- Hypertension and Heart Disease: As your blood pressure rises while stressed, you increase your likelihood of chronic high blood pressure over time. Combined with an increased heart rate, these symptoms can lead to the development of heart disease and an eventual heart attack or stroke.
- Asthma: Harder breathing can trigger asthma attacks and is only exacerbated by those with a history of smoking or who live in an area with poor air quality.
- Depression: Our inability to cope with stressful situations can lead to depression or severe anxiety and panic attacks.
- Headaches: Regular stress may cause strong headaches, triggering chronic pain and migraine headaches.
- Digestion Issues: Stress can impact our body’s ability to absorb nutrients, in turn causing ulcers, nausea, vomiting, diarrhea, or constipation.
This means keeping your stress in check may require a trip to the doctor or a virtual visit to make sure your levels are in a healthy place. Don’t forget to check in with yourself; have you been having headaches? How has your digestion been? Are you feeling extreme sadness? Are you struggling to breathe?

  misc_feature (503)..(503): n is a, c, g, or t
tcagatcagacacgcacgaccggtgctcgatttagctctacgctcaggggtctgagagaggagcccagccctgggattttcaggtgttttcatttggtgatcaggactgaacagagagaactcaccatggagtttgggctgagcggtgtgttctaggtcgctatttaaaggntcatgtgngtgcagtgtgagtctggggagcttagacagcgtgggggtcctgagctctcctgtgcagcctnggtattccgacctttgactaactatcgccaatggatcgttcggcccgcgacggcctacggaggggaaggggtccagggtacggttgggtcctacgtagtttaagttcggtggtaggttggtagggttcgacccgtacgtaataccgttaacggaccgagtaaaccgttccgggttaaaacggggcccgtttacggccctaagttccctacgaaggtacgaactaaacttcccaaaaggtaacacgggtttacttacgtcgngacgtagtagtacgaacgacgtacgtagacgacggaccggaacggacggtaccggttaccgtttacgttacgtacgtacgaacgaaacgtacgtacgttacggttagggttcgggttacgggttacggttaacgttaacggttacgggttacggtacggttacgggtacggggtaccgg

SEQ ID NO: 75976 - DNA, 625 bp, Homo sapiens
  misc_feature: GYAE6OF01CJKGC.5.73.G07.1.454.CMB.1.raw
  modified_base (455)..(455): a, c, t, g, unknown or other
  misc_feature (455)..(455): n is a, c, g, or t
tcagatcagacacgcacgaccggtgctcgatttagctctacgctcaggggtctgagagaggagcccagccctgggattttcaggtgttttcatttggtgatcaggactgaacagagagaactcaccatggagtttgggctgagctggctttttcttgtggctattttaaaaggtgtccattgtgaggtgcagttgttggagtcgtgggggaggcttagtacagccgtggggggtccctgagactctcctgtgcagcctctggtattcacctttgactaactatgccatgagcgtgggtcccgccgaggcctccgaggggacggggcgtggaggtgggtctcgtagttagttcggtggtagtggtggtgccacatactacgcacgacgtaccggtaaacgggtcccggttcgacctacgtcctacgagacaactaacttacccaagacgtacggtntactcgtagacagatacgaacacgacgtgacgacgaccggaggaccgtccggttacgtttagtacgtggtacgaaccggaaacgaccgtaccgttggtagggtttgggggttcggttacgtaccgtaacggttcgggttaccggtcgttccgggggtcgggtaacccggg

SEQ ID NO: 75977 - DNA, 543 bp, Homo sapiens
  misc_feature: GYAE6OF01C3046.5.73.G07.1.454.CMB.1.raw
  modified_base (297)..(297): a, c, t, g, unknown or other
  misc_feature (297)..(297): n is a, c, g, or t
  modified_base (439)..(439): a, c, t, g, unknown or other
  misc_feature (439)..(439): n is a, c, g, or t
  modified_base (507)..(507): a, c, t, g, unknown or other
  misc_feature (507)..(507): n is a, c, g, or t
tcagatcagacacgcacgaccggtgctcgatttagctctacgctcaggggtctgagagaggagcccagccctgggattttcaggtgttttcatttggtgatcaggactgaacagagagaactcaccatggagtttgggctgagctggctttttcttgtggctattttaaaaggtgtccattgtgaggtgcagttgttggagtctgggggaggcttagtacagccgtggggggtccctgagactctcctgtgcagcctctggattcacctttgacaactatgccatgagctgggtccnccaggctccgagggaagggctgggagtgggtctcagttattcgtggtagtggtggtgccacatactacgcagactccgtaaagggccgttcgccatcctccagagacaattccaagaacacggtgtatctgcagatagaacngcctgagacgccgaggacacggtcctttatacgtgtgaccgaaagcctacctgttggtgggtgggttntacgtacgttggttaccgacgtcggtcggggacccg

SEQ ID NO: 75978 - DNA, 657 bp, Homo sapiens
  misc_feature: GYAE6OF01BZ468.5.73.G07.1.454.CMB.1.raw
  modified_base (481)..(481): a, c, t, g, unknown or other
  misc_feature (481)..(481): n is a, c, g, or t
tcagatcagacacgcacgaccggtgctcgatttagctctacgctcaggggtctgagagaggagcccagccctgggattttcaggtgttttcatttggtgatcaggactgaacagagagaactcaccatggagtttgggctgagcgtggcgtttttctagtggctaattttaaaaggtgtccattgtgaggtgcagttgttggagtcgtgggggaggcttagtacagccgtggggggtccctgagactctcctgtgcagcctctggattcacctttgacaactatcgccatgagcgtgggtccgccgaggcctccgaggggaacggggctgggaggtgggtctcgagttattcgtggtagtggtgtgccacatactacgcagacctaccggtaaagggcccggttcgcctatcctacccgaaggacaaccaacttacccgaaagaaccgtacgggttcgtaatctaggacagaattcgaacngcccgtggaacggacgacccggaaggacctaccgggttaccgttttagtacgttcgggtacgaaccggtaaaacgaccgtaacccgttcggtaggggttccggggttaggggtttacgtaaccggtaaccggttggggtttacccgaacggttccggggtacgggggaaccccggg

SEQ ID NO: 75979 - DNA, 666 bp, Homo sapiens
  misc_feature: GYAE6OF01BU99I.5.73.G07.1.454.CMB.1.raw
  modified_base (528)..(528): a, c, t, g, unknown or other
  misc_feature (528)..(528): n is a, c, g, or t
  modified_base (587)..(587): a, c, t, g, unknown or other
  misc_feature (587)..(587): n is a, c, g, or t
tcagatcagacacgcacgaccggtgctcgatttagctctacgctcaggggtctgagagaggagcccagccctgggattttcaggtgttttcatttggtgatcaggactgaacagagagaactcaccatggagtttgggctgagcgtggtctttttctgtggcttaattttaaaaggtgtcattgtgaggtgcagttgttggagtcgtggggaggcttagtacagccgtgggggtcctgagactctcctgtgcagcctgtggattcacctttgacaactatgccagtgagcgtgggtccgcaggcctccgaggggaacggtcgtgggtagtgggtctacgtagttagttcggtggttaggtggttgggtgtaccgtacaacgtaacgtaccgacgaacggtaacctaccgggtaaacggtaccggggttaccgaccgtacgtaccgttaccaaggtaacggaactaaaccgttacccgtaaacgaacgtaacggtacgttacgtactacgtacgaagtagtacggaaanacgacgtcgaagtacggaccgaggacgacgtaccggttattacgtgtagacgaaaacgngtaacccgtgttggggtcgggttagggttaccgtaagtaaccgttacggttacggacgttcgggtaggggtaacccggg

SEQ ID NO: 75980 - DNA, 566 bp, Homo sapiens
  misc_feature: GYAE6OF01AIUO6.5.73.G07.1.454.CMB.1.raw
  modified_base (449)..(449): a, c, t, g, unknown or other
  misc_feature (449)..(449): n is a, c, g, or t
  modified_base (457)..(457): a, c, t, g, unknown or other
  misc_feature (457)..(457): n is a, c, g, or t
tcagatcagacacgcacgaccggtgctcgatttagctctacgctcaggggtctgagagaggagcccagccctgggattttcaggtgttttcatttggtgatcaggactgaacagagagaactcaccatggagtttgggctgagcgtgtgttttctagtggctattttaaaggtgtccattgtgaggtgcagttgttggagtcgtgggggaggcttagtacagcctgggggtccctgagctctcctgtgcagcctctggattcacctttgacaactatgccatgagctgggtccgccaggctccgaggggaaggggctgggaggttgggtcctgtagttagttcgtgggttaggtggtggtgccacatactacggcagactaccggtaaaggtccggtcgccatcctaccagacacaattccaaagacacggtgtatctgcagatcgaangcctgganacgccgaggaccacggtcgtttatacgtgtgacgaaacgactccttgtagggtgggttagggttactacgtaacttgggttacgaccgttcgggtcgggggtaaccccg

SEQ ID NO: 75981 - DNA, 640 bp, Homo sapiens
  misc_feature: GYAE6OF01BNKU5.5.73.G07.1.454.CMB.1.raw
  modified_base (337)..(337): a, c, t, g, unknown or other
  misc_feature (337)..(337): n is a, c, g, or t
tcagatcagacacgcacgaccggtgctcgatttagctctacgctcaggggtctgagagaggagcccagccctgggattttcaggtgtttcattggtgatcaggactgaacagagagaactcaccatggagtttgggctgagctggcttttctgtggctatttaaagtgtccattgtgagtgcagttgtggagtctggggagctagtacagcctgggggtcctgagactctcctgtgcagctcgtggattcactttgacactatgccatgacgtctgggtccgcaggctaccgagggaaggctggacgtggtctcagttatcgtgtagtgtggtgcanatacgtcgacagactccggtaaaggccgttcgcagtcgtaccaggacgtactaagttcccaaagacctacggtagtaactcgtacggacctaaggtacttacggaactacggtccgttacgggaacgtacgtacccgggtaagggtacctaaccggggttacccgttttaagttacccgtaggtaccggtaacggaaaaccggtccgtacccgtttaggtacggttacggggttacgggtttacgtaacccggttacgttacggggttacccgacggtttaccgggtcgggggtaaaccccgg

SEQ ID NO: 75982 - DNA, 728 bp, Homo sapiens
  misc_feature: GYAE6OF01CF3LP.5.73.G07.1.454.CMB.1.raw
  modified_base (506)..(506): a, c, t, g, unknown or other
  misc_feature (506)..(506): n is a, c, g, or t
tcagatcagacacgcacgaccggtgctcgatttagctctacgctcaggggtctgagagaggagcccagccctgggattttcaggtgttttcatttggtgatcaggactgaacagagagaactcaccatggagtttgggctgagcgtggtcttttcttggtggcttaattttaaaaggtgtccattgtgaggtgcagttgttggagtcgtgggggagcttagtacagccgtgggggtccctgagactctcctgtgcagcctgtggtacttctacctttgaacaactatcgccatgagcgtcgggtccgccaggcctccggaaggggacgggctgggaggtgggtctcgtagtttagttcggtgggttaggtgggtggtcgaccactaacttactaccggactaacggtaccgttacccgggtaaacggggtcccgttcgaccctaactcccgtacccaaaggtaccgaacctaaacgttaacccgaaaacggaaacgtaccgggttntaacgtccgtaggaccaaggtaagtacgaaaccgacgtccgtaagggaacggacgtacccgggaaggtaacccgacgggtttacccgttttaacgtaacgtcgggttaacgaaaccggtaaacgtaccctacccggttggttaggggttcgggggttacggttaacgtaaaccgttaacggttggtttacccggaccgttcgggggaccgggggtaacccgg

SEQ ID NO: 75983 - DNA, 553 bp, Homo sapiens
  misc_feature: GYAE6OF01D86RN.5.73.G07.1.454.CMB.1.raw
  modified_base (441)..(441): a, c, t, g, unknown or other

When you recognize the signs, you can start taking steps to address them.
Use What You Know to Prioritize Your Mental Health
You are aware of, and an expert on, the role that physical exercise and nutrition play in one’s ability to cope with stress. However, are you prescribing the same solutions to yourself as you are to your clients? You have a wealth of knowledge from work experience and many professionals at your fingertips to help guide your stress management.
Just as workout software programs can tailor workouts to specific individuals, your job now is to build yourself a stress protocol that involves both physical and mental health exercises. For example, perhaps you’ve been working out less because you’re trying to do more or managing the extra work that comes with hosting virtual fitness classes. It’s time to get back on track.
Focus on you. Build a program that you love; one that benefits your mind, body, and soul. For example:
● Monday: 60-minute workout, 10-minute yoga flow